Accepting Help With Grace

I am fiercely independent. As much as it feels good to help others, I hate to be on the receiving end. It is most definitely a fault of mine that I’m a perfectionist, that I like to do things my way and to my specifications. I’ve long struggled with delegating. I enjoy the feeling of a job well done and of accomplishing things I hardly thought possible. I am terrifically competitive, with myself, and hardly a day goes by when I really have tackled all the things on the ridiculously long to-do list that I create each day. I have learned to manage these idiosyncrasies…I think. But, what has not gotten easier is asking for help–or even worse needing help. I really am just like my toddler who says “Self!” and pushes my hand away; I want to do it myself.

Here’s the thing: You cannot possibly do it all by yourself when you have a baby in the NICU. You can’t. You need to simultaneously talk to the doctor about that formula issue and find out the baby’s stats for the day from the nurse and hold said baby and take your other child to school and call the insurance company about the ever-increasing bill you aren’t so sure they’re covering and go to the grocery store and cook food to feed your family and check work emails which has become a career in itself since you’ve been away and recover from major surgery and pump breast milk like there’s no tomorrow.

There aren’t enough hours in the day. And if you’re exhausted and stressed, you’re not able to be as competent in the NICU as you need to be. The terrifying part of the NICU journey for me was never knowing what was around the next bend, so if you show up too tired to function, how will you make some of the hard decisions asked of you?

We were so lucky that even though we have no family in town, my mother and my mother-in-law basically took turns living with us. With M, it was absolutely crucial because we also had a little boy at home who needed attention. There was no way for both my husband and me to be at the NICU together unless we had help at home. Not to mention all the household chores I physically could not do. Our mothers ran our home, from caring for my son to overseeing his therapy and schooling to cooking and cleaning for us. They did everything I could not do, and there really aren’t enough thank-yous to ever repay them. EVER!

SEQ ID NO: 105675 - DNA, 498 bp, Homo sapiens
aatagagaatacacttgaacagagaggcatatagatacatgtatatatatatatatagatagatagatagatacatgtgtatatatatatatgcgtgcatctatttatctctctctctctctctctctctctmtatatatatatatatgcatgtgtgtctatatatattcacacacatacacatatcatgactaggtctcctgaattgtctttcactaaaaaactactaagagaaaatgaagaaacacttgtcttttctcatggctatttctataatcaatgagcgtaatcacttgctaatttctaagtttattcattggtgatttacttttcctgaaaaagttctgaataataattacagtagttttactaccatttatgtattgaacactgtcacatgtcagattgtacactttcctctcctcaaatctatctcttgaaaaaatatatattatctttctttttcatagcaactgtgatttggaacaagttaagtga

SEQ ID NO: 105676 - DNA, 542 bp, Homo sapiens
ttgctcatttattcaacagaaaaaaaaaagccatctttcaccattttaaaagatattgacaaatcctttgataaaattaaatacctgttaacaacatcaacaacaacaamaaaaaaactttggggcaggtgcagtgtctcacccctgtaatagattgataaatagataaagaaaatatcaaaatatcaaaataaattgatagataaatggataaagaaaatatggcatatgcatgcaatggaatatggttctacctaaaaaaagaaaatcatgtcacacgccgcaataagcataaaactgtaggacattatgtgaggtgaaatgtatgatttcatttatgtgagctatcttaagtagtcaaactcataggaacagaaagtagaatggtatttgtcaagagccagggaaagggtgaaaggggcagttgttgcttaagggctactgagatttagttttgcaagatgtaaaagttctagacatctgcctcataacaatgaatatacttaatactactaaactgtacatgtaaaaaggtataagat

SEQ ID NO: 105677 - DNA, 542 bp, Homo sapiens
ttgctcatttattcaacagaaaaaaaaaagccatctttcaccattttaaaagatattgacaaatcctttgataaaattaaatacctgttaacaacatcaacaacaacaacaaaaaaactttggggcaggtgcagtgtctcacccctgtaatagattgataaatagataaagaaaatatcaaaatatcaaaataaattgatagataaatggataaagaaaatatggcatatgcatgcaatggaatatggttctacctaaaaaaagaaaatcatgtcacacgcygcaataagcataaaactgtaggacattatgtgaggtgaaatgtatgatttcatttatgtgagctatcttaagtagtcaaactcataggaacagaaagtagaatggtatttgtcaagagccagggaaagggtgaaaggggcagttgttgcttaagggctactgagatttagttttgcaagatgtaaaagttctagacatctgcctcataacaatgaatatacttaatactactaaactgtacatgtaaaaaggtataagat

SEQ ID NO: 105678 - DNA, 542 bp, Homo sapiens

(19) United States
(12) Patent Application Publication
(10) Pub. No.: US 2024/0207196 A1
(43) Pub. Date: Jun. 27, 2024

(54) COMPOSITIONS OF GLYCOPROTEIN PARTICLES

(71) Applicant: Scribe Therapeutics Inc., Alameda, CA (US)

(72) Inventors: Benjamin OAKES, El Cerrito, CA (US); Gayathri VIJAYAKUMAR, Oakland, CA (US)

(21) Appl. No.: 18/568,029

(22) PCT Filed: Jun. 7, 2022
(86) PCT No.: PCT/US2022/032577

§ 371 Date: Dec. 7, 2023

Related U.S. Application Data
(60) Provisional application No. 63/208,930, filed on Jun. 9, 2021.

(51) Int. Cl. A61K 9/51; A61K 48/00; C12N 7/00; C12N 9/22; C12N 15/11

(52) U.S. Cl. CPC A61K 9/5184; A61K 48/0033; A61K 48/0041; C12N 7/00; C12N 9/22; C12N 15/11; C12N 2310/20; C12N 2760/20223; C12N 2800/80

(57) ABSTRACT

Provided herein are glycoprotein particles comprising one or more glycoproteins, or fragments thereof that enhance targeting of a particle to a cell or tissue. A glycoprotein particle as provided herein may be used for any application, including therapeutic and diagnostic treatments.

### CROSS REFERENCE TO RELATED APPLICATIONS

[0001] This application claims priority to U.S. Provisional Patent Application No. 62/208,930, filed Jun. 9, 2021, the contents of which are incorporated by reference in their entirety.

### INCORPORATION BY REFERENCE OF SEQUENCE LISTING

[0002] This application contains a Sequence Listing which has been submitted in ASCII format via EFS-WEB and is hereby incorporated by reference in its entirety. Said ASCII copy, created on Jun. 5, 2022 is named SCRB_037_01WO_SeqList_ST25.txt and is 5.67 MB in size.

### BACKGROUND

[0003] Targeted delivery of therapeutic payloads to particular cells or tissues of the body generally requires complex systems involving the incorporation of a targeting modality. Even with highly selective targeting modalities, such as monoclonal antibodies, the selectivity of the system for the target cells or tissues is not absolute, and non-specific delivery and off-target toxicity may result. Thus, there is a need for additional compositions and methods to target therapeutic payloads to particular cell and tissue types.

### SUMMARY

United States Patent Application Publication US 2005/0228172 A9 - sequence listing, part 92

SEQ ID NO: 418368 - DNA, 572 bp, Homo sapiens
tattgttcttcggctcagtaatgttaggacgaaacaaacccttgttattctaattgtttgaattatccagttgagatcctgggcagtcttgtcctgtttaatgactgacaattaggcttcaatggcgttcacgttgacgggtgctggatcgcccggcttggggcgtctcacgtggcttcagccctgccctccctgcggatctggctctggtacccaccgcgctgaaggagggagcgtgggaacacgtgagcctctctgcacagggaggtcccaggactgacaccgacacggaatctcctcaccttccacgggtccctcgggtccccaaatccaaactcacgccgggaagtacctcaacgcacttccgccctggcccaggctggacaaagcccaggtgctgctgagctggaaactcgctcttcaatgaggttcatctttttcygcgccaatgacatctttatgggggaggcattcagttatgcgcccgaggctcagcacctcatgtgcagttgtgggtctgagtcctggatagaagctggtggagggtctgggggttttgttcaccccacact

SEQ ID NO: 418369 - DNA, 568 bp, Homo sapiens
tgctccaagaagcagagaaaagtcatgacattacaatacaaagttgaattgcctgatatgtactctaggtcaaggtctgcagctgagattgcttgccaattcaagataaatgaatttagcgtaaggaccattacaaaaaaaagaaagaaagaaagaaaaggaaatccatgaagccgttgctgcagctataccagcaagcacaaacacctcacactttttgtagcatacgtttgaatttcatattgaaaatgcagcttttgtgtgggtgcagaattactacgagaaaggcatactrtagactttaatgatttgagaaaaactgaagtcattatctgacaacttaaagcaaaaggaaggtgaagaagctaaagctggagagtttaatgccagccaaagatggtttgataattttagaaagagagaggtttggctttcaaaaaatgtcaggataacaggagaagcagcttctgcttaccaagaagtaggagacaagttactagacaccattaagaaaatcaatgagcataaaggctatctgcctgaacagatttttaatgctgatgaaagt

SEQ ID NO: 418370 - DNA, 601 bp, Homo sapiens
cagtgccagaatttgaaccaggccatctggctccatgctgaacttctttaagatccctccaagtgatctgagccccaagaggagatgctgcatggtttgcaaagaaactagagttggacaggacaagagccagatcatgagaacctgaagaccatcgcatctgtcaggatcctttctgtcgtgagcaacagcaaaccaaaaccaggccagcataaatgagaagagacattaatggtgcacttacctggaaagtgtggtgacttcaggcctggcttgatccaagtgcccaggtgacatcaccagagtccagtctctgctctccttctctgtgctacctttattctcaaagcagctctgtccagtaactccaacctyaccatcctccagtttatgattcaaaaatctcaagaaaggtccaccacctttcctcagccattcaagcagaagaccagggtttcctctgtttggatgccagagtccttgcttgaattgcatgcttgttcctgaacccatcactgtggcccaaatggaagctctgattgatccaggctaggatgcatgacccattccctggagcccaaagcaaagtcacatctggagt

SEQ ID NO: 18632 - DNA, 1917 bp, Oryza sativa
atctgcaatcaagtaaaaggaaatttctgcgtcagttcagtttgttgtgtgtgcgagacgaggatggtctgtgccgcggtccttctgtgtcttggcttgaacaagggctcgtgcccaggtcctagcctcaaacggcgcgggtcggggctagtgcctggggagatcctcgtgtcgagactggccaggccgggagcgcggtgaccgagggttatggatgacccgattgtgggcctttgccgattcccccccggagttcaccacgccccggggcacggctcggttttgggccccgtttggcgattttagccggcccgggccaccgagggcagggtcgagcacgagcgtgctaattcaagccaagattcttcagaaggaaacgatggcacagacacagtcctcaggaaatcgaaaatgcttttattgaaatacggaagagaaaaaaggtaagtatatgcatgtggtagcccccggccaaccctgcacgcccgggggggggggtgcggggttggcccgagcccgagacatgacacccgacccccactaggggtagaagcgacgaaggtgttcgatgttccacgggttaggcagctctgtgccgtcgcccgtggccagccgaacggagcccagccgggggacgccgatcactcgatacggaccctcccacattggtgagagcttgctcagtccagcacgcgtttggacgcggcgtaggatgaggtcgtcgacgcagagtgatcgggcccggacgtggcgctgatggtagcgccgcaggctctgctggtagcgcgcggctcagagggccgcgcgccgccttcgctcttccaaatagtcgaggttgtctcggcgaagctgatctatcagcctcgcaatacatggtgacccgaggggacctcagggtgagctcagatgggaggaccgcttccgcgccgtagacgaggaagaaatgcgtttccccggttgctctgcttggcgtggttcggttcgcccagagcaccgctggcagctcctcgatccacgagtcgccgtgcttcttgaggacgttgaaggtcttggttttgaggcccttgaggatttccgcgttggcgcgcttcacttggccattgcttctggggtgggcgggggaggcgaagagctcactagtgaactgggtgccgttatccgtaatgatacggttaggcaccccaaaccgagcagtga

During our first NICU stay, I struggled to release my control on silly things like how the pantry was organized. During the second time, I was at first too sick and then too tired to care. I finally accepted that whatever help they offered was a blessing of their time and energy; it was a sacrifice for them. Who was I to demand how they organized my pantry? That’s like asking for help and then specifying how and when you receive the help. I’m embarrassed that I was ever so thoughtless! And I hope they didn’t notice.

To be fair to myself, I was learning how to accept help in a way I’d never needed it before, and I was suffering from the shock of having J at 26 weeks. And I was a new mommy, with all sorts of normal fears and emotions that compounded the stress of the NICU. But, with M, I was different. I was overwhelmed by the kindness and support our mothers offered–for a second time in three years. I was so amazed at the time they gave us–months and months of it. And I was relieved, that I could put some of the day-to-day burdens aside and focus my attention on M and the NICU.

My in-laws currently live with my ailing grandmother-in-law, and I find myself empathizing with both the caretakers and the caretakee. It is challenging all the way around, but what I keep coming back to is this one nugget of wisdom I gleaned from the NICU: Accept help with grace. Help is a gift, and it is a gift that you can pass on to others when it is your turn.

Besides, you never know when you might need help again. Like when you have another unexpected preemie.

Comments

  1. I haven’t commented yet but feel this ode to your mothers needs a little comment. You were and are an easy person to help! I never felt unwanted, in the way or anything like that. I’ve always felt loved, needed, and part of your most wonderful family. I treasure my time getting to know my grandchildren. They are just the best tiny gifts ever shared!!!

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